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Kansas Wildlife Refuge

Why are some species rare?

There are over 20,000 species of nongame wildlife in Kansas. Using survey and research information to track the occurrence, trends and range decline, about 60 species are deemed rare enough to be listed as threatened or endangered. Some species, such as the cave salamander, are rare due to their specialized adaptations to unique habitats. Big river chubs (large minnows) have become rare due to changes brought about by humans. Species like the green frog are on the periphery of their range and rare in Kansas but more plentiful in neighboring states.

As we increasingly alter the landscape, generalist species like raccoons and crows, which are well adapted to humans, tend to increase in numbers. Meanwhile, specialist species like salamanders and bats become fewer and more disconnected. These isolated populations are more vulnerable to local extinction by natural events such as droughts, floods, hailstorms and human-caused factors such as pollution, habitat changes and exotic species introductions. The listing of a species as threatened or endangered is an attempt to ensure rare species continue to be a functioning component of the ecosystem.



How are rare species protected?

Rare species protection was implemented with the Kansas Nongame and Endangered Species Act of 1975. This act provided the state authority to define and list endangered and threatened species. Endangered species are any species of wildlife whose continued existence as a viable component of the state's wild fauna is determined to be in jeopardy. Threatened species are any species of wildlife that appear likely, within the foreseeable future, to become an endangered species. These designations protect the animal from commercial or personal possession. The law also gives authority to the Kansas Department of Wildlife, Parks & Tourism to review projects requiring a state or federal permit or those funded by tax revenues. This process is designed to safeguard listed wildlife. Some species, including rare plants, are also U.S. Fish and Wildlife Service listed and protected by federal law, the Endangered Species Act of 1973. With the exception of plants, for which the state grants no protective status, the same species listed under the federal Act are also listed under state law.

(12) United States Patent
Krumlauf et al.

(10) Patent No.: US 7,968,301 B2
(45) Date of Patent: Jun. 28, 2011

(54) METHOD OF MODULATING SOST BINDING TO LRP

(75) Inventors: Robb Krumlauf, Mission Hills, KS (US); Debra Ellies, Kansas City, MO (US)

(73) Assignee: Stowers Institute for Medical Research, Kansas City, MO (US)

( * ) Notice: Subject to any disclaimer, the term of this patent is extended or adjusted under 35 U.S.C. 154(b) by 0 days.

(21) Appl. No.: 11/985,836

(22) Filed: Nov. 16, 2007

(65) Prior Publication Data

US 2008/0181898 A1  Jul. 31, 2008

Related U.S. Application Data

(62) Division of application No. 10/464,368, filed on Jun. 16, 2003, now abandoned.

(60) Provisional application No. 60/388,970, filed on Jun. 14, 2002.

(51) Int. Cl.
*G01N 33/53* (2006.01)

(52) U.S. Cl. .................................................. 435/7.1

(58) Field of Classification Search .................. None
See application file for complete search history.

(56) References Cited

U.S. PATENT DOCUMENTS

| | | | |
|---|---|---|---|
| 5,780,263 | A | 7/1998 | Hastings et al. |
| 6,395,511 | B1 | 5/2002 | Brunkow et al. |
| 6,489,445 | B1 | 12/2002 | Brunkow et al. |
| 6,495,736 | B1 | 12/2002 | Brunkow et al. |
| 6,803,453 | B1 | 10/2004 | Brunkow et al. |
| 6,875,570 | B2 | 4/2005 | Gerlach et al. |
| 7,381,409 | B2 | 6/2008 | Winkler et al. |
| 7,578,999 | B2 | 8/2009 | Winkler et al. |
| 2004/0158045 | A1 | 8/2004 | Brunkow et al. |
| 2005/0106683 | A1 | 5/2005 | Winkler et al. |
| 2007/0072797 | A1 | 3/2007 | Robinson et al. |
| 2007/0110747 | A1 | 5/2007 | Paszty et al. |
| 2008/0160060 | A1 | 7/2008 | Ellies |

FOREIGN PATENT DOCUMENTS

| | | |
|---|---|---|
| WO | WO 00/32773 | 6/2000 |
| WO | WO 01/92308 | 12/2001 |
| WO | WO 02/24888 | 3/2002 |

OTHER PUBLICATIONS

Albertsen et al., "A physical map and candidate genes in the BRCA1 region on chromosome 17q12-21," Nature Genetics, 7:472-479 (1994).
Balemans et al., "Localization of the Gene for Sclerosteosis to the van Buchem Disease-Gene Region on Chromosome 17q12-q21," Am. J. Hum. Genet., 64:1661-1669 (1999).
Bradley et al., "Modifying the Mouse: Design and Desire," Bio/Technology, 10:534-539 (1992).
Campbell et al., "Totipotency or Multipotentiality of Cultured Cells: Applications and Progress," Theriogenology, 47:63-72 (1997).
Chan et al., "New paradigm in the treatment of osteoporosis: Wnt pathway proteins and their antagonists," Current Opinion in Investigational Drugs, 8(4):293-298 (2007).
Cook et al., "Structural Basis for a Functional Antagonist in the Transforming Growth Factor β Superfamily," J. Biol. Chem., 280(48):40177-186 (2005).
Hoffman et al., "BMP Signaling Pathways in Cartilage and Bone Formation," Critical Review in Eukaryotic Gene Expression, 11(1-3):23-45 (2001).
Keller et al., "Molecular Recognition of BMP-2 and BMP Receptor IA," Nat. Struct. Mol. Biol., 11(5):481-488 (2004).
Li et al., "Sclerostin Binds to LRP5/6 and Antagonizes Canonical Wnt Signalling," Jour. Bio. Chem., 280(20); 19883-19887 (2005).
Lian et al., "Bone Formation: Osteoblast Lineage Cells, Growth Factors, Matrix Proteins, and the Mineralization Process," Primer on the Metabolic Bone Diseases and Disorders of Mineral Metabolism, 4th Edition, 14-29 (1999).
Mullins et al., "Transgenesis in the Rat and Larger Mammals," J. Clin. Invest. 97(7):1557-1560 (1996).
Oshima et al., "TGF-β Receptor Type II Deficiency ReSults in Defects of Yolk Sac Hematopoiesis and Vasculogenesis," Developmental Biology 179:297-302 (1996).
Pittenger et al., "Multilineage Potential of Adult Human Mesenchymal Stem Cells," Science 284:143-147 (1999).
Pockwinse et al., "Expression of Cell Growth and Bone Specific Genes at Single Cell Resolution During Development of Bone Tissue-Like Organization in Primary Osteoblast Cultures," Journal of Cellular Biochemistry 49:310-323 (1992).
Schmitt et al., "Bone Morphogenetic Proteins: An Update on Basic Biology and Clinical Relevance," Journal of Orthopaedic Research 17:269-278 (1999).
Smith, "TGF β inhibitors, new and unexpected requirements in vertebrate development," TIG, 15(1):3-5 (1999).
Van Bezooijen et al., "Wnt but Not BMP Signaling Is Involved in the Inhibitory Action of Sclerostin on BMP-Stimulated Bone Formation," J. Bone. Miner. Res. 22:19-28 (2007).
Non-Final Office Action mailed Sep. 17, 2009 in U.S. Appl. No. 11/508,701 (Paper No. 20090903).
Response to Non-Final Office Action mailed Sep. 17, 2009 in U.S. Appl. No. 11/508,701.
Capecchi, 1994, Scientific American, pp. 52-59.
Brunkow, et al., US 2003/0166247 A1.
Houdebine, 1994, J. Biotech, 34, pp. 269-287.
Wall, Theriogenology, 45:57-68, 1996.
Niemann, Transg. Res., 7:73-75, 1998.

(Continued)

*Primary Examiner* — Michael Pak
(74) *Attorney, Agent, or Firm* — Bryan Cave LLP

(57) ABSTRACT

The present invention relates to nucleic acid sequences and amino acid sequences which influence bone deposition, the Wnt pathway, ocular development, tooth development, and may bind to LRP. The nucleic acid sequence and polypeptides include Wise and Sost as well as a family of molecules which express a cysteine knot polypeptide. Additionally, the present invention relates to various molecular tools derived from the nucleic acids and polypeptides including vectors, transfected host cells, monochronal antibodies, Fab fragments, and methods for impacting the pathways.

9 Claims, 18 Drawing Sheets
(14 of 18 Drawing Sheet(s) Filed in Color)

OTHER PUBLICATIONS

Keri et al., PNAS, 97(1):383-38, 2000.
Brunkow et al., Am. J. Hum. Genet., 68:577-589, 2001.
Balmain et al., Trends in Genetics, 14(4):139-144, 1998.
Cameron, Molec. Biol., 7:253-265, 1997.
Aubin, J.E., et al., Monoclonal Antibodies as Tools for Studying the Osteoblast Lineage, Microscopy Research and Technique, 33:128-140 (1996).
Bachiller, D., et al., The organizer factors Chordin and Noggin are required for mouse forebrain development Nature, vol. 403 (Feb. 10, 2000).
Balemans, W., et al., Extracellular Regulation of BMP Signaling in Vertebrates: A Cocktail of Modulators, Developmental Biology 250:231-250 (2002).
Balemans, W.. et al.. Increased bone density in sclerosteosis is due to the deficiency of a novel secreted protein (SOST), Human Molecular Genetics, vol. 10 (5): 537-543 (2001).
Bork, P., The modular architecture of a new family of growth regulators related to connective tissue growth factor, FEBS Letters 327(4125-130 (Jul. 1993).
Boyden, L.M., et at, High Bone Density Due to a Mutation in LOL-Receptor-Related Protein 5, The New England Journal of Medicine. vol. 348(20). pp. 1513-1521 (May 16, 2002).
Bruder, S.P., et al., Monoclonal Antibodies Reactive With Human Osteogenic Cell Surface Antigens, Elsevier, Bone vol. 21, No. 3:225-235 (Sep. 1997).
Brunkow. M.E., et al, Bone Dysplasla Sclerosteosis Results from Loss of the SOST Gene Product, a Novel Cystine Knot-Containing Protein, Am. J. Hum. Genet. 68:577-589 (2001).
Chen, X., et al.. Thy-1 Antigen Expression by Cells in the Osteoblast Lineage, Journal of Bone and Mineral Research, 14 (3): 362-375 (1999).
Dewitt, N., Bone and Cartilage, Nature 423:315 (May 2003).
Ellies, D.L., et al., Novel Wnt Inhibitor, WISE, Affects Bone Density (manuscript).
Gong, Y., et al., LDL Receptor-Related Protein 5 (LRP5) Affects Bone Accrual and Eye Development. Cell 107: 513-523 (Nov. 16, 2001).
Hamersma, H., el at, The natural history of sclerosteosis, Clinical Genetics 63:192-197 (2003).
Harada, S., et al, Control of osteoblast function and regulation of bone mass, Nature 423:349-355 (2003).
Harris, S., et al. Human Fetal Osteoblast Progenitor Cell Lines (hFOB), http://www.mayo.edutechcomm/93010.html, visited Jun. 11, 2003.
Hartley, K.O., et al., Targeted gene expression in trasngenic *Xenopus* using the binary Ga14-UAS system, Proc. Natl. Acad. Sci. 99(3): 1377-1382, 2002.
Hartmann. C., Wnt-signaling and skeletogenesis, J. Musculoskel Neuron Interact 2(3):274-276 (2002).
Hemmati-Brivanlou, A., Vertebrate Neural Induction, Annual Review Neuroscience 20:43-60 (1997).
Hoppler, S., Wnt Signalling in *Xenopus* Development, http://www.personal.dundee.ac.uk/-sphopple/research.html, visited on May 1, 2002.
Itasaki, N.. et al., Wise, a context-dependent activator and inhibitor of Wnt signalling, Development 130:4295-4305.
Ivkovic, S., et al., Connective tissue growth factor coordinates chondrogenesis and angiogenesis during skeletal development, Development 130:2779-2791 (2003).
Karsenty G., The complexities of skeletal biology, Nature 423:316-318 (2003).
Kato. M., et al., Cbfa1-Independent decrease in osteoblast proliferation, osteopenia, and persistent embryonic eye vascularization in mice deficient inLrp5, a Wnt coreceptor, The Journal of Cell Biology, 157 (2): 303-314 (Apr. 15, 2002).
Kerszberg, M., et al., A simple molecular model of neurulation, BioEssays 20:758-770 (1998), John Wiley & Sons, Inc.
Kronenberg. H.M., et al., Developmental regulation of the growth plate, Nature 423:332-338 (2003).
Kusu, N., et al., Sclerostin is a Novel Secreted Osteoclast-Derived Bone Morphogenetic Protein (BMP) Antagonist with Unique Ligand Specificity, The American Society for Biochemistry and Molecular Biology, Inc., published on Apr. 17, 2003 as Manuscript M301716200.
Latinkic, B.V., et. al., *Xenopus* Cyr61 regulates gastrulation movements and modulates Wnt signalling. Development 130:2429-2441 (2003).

The Gray Myotis is almost totally cave dwelling and occupies a limited geographic range in limestone cave regions of the southeastern U.S. In Kansas, the only known populations are dependent on storm sewers within the Cherokee Plain region in the southeast corner of the state. 

Why should we protect them?

There are a variety of reasons, ranging from spiritual to utilitarian, that people value rare wildlife. The federal Endangered Species Act recognizes that “endangered species of fish, wildlife, and plants are of aesthetic, ecological, historical, recreational, and scientific value to the Nation and its people.” All these species play a role in the proper functioning of the food web. Some are excellent indicators of environmental health. For instance, most of the freshwater mussels are barometers of water quality because they are immobile filter feeders that cannot escape pollution, require specific fish hosts for their larvae (glochidia) and live for several decades.

Simply knowing rare wildlife will continue to exist as part of our natural heritage is enough for many people to support their conservation. Research conducted by Kansas State University found that over 95 percent of Kansans surveyed support listing of rare species.

Recovery plans continue to be developed for listed species. The objectives of these plans are to guide research and management aimed at enhancing the listed species' population. The ultimate goal is to be able to remove the species from their threatened or endangered status.